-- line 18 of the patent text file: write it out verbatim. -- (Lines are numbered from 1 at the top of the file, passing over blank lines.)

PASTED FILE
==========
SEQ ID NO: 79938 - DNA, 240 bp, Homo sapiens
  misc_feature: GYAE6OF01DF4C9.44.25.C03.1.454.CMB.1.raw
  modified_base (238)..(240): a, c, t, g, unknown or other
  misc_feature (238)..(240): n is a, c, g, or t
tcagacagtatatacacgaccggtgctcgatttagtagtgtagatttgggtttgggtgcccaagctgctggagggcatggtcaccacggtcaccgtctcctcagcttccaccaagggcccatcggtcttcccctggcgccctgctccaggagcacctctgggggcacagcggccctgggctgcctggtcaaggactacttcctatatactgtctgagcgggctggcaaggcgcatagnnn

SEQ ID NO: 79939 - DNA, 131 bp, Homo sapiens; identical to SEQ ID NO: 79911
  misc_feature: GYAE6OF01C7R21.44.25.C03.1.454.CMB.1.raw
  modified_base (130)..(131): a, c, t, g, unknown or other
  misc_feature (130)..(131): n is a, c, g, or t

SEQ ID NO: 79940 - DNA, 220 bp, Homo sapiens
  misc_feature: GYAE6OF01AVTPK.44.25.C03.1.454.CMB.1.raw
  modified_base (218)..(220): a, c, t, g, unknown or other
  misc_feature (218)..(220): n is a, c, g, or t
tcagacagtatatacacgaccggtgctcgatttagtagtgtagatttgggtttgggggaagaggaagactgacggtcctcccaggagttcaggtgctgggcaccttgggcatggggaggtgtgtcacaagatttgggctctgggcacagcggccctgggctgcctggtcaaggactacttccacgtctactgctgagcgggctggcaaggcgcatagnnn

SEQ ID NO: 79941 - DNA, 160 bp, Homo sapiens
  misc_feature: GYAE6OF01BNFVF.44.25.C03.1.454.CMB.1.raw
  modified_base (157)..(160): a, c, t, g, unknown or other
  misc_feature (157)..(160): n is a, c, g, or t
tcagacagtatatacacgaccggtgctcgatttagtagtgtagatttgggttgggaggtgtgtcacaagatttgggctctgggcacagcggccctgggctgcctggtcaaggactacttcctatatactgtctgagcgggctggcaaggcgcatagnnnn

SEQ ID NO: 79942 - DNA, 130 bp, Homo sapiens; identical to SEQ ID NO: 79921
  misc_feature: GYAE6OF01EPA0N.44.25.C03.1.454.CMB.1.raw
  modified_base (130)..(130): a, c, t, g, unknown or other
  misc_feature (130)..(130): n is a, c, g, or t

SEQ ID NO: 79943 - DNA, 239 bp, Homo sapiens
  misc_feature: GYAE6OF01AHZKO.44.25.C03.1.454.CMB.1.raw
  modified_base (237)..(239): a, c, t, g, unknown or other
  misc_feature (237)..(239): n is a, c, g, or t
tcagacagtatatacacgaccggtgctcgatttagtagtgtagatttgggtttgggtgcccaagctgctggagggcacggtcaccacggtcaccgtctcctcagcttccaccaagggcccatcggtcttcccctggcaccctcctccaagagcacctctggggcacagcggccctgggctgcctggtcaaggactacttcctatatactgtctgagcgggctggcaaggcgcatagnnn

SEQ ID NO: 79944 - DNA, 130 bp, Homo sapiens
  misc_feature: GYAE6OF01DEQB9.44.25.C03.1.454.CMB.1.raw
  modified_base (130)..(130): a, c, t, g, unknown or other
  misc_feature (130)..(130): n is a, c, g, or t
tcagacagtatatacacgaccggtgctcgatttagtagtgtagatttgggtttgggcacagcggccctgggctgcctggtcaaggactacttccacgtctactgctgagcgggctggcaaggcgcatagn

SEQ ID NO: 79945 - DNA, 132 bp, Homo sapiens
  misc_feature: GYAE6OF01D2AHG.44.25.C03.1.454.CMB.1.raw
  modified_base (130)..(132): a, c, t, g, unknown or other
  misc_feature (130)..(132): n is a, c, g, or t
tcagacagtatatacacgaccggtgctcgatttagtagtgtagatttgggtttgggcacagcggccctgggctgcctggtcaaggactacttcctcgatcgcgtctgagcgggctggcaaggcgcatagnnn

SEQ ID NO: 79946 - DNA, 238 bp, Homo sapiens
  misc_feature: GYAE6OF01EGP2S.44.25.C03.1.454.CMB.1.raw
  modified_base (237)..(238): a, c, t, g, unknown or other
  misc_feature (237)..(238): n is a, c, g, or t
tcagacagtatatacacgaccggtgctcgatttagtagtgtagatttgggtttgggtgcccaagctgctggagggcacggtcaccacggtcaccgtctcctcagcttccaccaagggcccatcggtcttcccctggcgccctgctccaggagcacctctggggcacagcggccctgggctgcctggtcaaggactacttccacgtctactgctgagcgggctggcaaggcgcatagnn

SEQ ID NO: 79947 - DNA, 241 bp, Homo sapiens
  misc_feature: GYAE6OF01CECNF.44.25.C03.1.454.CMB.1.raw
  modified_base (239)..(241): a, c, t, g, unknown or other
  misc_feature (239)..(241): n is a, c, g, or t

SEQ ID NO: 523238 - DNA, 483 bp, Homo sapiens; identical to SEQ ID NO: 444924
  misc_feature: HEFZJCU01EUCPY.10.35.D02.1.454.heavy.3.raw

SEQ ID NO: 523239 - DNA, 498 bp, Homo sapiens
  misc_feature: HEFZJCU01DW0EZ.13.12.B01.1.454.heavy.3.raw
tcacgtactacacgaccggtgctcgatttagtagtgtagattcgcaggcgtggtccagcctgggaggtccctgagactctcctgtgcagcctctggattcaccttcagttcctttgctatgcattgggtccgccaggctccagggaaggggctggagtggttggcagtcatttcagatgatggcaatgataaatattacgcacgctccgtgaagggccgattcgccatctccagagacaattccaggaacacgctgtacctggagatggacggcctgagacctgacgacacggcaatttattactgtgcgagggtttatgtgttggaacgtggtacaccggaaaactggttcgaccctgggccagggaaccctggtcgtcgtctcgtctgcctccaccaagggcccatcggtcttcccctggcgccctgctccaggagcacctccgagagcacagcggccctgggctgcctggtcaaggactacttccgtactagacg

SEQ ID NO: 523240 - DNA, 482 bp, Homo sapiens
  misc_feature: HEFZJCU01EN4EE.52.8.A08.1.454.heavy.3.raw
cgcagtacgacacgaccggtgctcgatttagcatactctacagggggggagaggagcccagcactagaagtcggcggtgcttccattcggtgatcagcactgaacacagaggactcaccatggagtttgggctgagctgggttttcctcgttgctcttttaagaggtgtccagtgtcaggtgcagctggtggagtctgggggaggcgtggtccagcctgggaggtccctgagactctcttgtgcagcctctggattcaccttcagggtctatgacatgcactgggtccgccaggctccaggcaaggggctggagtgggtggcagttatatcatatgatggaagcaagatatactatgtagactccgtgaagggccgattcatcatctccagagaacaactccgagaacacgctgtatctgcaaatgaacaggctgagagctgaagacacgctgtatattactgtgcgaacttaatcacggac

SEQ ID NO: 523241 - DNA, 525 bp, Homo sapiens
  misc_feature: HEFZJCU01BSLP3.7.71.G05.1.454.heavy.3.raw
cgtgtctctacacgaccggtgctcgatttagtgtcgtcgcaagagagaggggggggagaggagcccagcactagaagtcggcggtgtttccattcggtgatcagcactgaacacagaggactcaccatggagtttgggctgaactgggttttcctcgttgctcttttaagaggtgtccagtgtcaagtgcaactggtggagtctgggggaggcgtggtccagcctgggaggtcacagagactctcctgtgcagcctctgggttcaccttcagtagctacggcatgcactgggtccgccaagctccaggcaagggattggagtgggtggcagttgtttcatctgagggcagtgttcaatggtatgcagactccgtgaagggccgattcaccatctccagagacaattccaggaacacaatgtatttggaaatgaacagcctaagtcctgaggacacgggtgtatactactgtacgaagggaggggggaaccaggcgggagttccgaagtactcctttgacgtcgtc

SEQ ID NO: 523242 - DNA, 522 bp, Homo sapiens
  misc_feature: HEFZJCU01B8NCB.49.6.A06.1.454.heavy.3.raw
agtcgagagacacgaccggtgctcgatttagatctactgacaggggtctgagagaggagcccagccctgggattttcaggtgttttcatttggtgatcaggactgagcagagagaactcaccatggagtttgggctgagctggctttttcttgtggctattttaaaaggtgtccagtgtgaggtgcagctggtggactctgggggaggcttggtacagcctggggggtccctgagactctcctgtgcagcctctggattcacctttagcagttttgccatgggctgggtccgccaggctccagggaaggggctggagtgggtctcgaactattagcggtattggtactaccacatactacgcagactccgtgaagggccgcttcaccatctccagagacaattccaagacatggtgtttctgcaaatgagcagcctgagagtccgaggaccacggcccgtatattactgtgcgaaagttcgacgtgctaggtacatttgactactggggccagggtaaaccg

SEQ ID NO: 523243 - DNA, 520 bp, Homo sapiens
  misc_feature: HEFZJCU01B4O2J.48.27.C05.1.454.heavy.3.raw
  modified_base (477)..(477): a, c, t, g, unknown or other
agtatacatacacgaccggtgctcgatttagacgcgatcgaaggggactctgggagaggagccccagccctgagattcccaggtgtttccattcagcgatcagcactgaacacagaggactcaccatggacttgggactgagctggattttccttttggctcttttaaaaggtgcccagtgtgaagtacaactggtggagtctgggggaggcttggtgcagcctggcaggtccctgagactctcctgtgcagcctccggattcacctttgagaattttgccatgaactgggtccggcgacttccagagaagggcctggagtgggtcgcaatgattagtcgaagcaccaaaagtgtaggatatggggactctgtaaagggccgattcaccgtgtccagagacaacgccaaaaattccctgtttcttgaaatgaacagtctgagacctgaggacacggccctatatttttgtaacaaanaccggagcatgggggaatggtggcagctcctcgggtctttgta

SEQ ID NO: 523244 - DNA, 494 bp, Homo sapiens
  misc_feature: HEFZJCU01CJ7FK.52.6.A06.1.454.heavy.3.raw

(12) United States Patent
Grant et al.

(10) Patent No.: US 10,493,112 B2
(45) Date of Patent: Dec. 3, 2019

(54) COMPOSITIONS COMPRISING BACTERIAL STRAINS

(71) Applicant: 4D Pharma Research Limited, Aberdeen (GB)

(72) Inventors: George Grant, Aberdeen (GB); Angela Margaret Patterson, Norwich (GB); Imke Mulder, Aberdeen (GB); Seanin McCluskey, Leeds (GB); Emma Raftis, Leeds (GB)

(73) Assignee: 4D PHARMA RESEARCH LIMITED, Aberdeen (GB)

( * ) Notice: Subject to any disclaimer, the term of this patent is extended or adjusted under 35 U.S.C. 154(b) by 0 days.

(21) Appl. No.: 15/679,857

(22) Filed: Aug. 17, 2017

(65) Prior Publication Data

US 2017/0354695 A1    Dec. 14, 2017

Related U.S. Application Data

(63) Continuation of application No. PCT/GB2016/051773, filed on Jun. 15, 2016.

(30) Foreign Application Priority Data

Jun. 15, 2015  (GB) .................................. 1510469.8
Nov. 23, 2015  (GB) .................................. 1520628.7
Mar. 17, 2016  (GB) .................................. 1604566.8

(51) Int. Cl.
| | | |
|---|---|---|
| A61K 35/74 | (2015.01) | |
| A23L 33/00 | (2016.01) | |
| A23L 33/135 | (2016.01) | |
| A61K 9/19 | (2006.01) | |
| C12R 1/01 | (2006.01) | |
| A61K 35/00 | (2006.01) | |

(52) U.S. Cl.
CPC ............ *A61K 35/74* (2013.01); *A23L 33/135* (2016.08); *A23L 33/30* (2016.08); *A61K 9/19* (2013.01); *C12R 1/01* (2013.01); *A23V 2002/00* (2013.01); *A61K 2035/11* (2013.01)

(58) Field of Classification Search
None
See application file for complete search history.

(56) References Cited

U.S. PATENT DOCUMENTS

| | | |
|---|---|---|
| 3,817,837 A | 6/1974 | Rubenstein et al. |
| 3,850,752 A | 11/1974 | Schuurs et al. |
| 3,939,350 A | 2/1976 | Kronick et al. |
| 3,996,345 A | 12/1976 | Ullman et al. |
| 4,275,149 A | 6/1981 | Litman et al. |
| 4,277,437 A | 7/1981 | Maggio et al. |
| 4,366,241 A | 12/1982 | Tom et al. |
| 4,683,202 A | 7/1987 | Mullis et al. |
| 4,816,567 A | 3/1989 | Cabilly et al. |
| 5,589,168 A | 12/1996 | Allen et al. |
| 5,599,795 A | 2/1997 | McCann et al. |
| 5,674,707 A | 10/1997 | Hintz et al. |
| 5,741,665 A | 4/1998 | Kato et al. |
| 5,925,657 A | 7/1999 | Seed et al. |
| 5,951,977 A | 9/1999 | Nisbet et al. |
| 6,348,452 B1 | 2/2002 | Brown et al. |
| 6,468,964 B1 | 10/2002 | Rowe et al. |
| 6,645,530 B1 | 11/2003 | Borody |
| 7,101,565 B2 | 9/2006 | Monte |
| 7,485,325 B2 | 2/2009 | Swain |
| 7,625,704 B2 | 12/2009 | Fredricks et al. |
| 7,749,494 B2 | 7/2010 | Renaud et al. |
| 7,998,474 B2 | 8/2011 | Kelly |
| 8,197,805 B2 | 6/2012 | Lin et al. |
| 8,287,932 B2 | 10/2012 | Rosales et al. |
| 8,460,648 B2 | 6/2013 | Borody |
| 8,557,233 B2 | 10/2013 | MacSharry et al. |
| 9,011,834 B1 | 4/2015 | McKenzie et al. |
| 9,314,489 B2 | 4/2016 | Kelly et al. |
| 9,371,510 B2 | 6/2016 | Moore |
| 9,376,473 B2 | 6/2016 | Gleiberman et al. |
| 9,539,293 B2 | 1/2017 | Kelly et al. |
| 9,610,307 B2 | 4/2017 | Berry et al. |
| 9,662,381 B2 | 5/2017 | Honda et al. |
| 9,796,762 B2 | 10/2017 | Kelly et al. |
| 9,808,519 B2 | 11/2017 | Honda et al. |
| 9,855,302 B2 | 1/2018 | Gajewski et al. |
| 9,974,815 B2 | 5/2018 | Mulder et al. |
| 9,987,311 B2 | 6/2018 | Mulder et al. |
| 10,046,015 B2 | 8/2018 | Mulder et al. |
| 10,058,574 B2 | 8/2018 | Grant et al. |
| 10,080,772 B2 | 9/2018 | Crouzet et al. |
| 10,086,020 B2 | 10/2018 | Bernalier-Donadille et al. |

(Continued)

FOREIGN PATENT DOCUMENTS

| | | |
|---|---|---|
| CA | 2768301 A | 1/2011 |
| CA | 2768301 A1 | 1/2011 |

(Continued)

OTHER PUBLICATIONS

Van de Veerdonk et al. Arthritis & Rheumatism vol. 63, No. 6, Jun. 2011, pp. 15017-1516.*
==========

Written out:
  misc_feature (157)..(160): n is a, c, g, or t